Tea Techniques – Balls, Bags, and Filters

various tea ball filters

Time to say goodbye…

One of the first books I bought when I began to take tea seriously was “The Tea Enthusiast’s Handbook“, by Mary Lou Heiss and Robert J. Heiss.

In a section named “Ban The Ball” they advise that metal tea balls and similar small objects that screw or clip together in order to hold tea leaves during infusion are not the best way to go, as they do not allow adequate space for the leaves to open up and water to circulate through them.

For Asian style infusion in a gaiwan, I would normally have a Chinese tea strainer sat in the top of a tea serving pitcher to remove dust and stray leaves from the finished tea, but what about Western style infusion?

Chinese tea strainer and pitcher

Chinese tea strainer and pitcher

It’s vital to remove the leaves from the tea after an appropriate period of time has passed in order to avoid over steeping the tea.

There is of course the option of buying a teapot with a removable filter insert, or a “French Press” type of pot, where after the steeping time is up you press down a plunger pushing the tea leaves down into the part of the steeping insert with no circulation holes, therefore stopping the infusion.

Bodum tea press

Bodum tea press

All well and good. I have several pots of both types in fact, but in this post I want to discuss steeping alternatives that allow you to use the cup, pot, glass, etc., of your choice, rather than a dedicated pot.

The options available include reusable nylon filters, or large stainless steel filters that sit in the top of the steeping vessel.

nylon and stainless steel filters

Nylon and stainless steel filters

I think the nylon filters are a bit fiddly to clean, and this may be my imagination but I always think I can detect a subtle plasticky aftertaste in the tea.

The stainless filters are also in my experience awkward to clean, but I also think they have 2 other disadvantages.

Firstly, each individual filter will only fit a pot with a certain sized opening. Secondly, they tend to reach only so far down into the tea water, which in my experience affects the strength and quality of the tea.

For quite a while now I’ve been using disposable paper filters from Cilia. These are effectively an open ended “fill your own” tea bag, combining the ease of use of the tea bag with the use of higher quality tea to the desired amount per infusing of your own choice.

Cilia tea filters

Cilia tea filters

These are labelled “M” for medium size, and are approximately 14 cm. x 10 cm. This gives more than enough room inside the bag for the amount of tea one would normally use in a medium sized teapot to expand during infusion. The bags also come in “small” (individual cups), and “large” (larger pots) sizes.

Having compared the same tea steeped both in a gaiwan and using these bags I can honestly say that I’ve never been able to taste any alteration in the taste of the tea made using the bag.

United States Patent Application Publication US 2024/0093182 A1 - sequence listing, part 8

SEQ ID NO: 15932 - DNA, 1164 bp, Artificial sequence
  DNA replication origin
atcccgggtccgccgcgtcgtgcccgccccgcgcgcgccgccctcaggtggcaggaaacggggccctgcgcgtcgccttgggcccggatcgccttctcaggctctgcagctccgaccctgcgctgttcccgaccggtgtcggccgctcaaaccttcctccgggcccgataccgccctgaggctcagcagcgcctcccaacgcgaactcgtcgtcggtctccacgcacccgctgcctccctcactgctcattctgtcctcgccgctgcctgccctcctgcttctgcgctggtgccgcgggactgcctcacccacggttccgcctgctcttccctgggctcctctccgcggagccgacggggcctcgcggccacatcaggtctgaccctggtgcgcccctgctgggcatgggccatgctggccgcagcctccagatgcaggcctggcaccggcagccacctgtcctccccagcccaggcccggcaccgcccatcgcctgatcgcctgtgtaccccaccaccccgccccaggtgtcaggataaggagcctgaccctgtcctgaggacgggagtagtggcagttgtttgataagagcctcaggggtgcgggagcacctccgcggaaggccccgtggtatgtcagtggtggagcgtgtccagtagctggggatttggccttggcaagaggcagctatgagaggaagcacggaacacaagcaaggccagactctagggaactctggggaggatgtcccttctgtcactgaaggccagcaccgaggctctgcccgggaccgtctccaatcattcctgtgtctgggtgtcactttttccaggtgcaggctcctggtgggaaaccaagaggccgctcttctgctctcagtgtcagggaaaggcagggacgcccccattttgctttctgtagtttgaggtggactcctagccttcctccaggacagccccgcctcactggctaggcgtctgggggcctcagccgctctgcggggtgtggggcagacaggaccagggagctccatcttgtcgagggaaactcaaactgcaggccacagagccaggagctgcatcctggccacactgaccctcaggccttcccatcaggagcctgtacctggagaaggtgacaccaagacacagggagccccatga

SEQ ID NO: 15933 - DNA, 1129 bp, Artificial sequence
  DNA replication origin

Furthermore, I’ve steeped them up to three times, and the bags have never split open or fallen apart.

Sadly, these particular filters only seem to be available in Germany, Austria, Switzerland, Russia, Sweden, and Belgium, according to the website.

However, alternatives do exist, so shop around! Your local tea emporium should be able to come up with the goods, and if not the internet is your friend…

It will be worth the trouble to track them down.

You will be rewarded with the quality and value for money of loose leaf tea, and still retain the ease of use of the tea bag.


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8 Responses to Tea Techniques – Balls, Bags, and Filters

  1. beautyandt says:

    Very useful article! I’ve heard about harming properties of metal tea balls, and I am on my way of accepting the alternatives. I really want to try the nylon filters, but I’m even more interested in disposable paper bags – what I’ve seen around differs a bit from what you are using, but I assume they are the best option!


    • Thanks, glad you liked it.

      I think as always it’s a case of buying and trying. Luckily these things are cheap as chips, so it’s not a tragedy if they’re not up to scratch. Shop around, and soon enough you’ll find “your” brand…

      I think there’s still a role for the nylon filter to play in an all-round tea making kit – I’m prepared to put up with cleaning it and so on when travelling – it sure beats having to trail dozens of paper filters around… 🙂


  2. pinkiebag says:

    What an amazing collection of tea filters. I have a few but nothing like your collection. I need to seek out paper and nylon filters. Thanks for extending my tea knowledge.


    • Thanks, glad you liked it.

      I’ve picked them up all over the shop – the silicon “teabag” one’s from Lakeland, the large ball one’s from a great tea shop in Lincoln that I used to live close to, a few from IKEA, the “robot” one was bought in Stockholm somewhere or other, and one of them is from the Swedish equivalent of Halfords..!

      I’m a definite convert to the paper filter, though.. 🙂

      Liked by 1 person

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